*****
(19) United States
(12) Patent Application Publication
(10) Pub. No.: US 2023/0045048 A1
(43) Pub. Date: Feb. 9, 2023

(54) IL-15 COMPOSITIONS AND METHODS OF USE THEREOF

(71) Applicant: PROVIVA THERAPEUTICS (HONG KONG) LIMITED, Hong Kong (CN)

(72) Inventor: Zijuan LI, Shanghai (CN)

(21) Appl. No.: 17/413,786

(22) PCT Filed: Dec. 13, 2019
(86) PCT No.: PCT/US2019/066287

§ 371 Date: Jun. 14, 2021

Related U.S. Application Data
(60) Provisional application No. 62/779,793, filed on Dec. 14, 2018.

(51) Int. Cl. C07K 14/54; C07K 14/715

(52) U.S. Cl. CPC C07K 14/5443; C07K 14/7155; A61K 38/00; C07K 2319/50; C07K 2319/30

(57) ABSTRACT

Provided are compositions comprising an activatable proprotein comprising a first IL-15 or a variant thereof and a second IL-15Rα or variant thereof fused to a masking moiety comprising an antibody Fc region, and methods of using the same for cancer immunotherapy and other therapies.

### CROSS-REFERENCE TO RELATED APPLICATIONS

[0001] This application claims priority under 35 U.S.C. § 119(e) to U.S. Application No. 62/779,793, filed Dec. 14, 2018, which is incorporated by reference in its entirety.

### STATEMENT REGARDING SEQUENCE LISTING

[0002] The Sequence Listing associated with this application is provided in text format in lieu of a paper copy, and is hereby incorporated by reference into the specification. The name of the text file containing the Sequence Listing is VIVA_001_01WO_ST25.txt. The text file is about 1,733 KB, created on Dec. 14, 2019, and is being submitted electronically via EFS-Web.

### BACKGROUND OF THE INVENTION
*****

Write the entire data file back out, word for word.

(19) United States
(12) Patent Application Publication
(10) Pub. No.: US 2023/0045048 A1
(43) Pub. Date: Feb. 9, 2023

(54) IL-15 COMPOSITIONS AND METHODS OF USE THEREOF

(71) Applicant: PROVIVA THERAPEUTICS (HONG KONG) LIMITED, Hong Kong (CN)

(72) Inventor: Zijuan LI, Shanghai (CN)

(21) Appl. No.: 17/413,786

(22) PCT Filed: Dec. 13, 2019
(86) PCT No.: PCT/US2019/066287

§ 371 Date: Jun. 14, 2021

Related U.S. Application Data
(60) Provisional application No. 62/779,793, filed on Dec. 14, 2018.

(51) Int. Cl. C07K 14/54; C07K 14/715

(52) U.S. Cl. CPC C07K 14/5443; C07K 14/7155; A61K 38/00; C07K 2319/50; C07K 2319/30

(57) ABSTRACT

Provided are compositions comprising an activatable proprotein comprising a first IL-15 or a variant thereof and a second IL-15Rα or variant thereof fused to a masking moiety comprising an antibody Fc region, and methods of using the same for cancer immunotherapy and other therapies.

### CROSS-REFERENCE TO RELATED APPLICATIONS

[0001] This application claims priority under 35 U.S.C. § 119(e) to U.S. Application No. 62/779,793, filed Dec. 14, 2018, which is incorporated by reference in its entirety.

### STATEMENT REGARDING SEQUENCE LISTING

[0002] The Sequence Listing associated with this application is provided in text format in lieu of a paper copy, and is hereby incorporated by reference into the specification. The name of the text file containing the Sequence Listing is VIVA_001_01WO_ST25.txt. The text file is about 1,733 KB, created on Dec. 14, 2019, and is being submitted electronically via EFS-Web.

### BACKGROUND OF THE INVENTION